Well, the Mayor is at it again...secret shoppers to test our local hotels...and a public press conference to tell our hotel workers that they need to be "professional in their attitude and conduct."
And this cost taxpayers another $2500 - which has been added to my running total of unnecessary city spending.
Are secret shoppers the duty of government? Carty Finkbeiner tries to make the argument that visitors to Toledo judge our city by the hotels in which they stay. Personally, I've never judged a city by a hotel. I've judged the hotel, and if it was less than I was expecting, figured that I'd picked poorly. In fact, in talking with friends who travel often for business, they all said that their perspective of the city was NOT tied to their hotel experience.
So do visitors judge our city by the hotel they pick? Or do they judge the city by the roads, the cleanliness of the public spaces, the safety/police presence, good directional signs and ease of parking, whatever event/activity they came for and their overall experience? I think most people are smart enough to distinguish between a city and a single hotel.
And then there is the concept that our mayor is spending tax dollars to evaluate local businesses. To further add insult to injury, he publicly chastizes them because they don't 'measure up.' If I were a prospective visitor who'd just read this article, I'd be looking for a hotel in Perrysburg, as the mayor certainly didn't cast our hotels in a positive light.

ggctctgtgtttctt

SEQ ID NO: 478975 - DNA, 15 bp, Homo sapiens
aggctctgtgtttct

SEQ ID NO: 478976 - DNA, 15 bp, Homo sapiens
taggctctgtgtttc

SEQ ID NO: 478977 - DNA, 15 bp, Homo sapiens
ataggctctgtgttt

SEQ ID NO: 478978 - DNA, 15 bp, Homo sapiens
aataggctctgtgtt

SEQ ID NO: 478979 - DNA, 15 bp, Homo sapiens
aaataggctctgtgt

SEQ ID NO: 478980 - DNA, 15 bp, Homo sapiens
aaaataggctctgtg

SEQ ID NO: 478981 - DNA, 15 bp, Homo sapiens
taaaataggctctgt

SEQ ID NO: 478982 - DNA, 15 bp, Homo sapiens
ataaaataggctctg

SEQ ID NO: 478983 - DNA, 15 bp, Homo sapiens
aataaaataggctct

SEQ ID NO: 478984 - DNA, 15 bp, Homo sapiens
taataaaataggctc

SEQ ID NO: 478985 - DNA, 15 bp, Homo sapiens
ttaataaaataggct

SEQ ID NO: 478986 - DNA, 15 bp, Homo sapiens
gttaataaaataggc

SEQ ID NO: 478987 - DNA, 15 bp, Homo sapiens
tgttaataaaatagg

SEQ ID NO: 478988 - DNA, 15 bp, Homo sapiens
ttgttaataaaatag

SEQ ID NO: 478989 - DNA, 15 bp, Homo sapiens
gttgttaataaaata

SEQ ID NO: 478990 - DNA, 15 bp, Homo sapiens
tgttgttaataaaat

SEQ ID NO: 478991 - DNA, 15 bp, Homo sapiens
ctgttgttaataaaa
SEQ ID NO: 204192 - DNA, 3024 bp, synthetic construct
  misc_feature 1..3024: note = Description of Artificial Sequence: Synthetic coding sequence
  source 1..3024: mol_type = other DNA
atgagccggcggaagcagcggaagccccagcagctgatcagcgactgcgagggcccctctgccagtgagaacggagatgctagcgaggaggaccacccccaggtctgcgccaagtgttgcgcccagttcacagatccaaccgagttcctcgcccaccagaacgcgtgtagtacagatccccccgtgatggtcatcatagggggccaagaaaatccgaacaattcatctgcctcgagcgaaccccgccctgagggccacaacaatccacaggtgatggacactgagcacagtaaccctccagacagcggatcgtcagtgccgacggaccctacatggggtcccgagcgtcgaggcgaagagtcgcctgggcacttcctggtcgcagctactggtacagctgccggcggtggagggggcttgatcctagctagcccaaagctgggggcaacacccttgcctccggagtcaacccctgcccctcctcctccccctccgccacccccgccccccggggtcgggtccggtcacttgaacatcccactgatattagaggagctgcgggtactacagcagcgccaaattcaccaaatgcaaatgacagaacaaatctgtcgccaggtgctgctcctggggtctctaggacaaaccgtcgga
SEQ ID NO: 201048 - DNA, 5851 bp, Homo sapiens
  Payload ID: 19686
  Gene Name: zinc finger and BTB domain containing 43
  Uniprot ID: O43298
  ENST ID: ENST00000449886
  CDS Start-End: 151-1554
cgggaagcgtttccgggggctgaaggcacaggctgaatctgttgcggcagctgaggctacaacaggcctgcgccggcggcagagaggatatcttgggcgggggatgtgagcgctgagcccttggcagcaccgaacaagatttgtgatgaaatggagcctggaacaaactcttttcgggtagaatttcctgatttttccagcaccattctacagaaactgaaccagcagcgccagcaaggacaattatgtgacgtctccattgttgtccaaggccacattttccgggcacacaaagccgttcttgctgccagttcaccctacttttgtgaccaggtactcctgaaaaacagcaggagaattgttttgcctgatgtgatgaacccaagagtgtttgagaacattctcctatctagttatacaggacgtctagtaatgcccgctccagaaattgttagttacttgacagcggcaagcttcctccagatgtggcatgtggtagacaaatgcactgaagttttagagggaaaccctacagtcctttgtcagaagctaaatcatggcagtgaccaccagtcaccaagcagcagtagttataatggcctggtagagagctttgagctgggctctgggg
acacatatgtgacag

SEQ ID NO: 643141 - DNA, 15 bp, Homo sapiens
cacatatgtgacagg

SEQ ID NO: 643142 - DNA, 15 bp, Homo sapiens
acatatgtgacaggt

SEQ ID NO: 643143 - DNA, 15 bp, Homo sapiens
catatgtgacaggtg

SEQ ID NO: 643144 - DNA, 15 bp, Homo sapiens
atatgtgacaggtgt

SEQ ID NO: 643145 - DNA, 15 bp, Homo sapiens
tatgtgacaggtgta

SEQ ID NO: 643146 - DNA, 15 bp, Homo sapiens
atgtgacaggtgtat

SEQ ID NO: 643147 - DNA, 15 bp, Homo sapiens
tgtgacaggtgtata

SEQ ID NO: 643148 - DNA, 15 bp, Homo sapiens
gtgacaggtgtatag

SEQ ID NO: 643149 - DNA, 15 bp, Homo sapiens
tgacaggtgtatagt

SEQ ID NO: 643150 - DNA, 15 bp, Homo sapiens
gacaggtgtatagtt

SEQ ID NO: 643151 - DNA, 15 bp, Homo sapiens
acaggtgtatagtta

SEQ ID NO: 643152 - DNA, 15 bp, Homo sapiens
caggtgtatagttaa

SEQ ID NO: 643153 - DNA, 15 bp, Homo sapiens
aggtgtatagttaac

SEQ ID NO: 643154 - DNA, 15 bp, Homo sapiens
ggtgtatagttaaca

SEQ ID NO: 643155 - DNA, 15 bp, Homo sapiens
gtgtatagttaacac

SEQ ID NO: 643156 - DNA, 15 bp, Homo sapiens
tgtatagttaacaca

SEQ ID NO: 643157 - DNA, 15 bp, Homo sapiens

I can't help but wonder - after he's finished with the hotels, what will be next? Will he turn his attention to local restaurants? retail outlets? movie theaters?
Perhaps everyone would be better served if he turned those secret shoppers on the city departments and agencies...especially since he has direct authority over those entities - and that's what he was elected to do.
If I believed that evaluating hotels was a good idea, I'd approach the local hotel owners association and ask for their help and support. I'd suggest that such a 'secret shopper' program would benefit them, as owners, and their guests. I'd ask them to pay for the program and use it to their advantage as a marketing or sales tool. This would be a good business decision for them and, together, they could improve their local industry.
Such an approach would accomplish the same results - the improvement of our local hotels - but it would be a voluntary, cooperative way of doing so...instead of a public humiliation at public expense.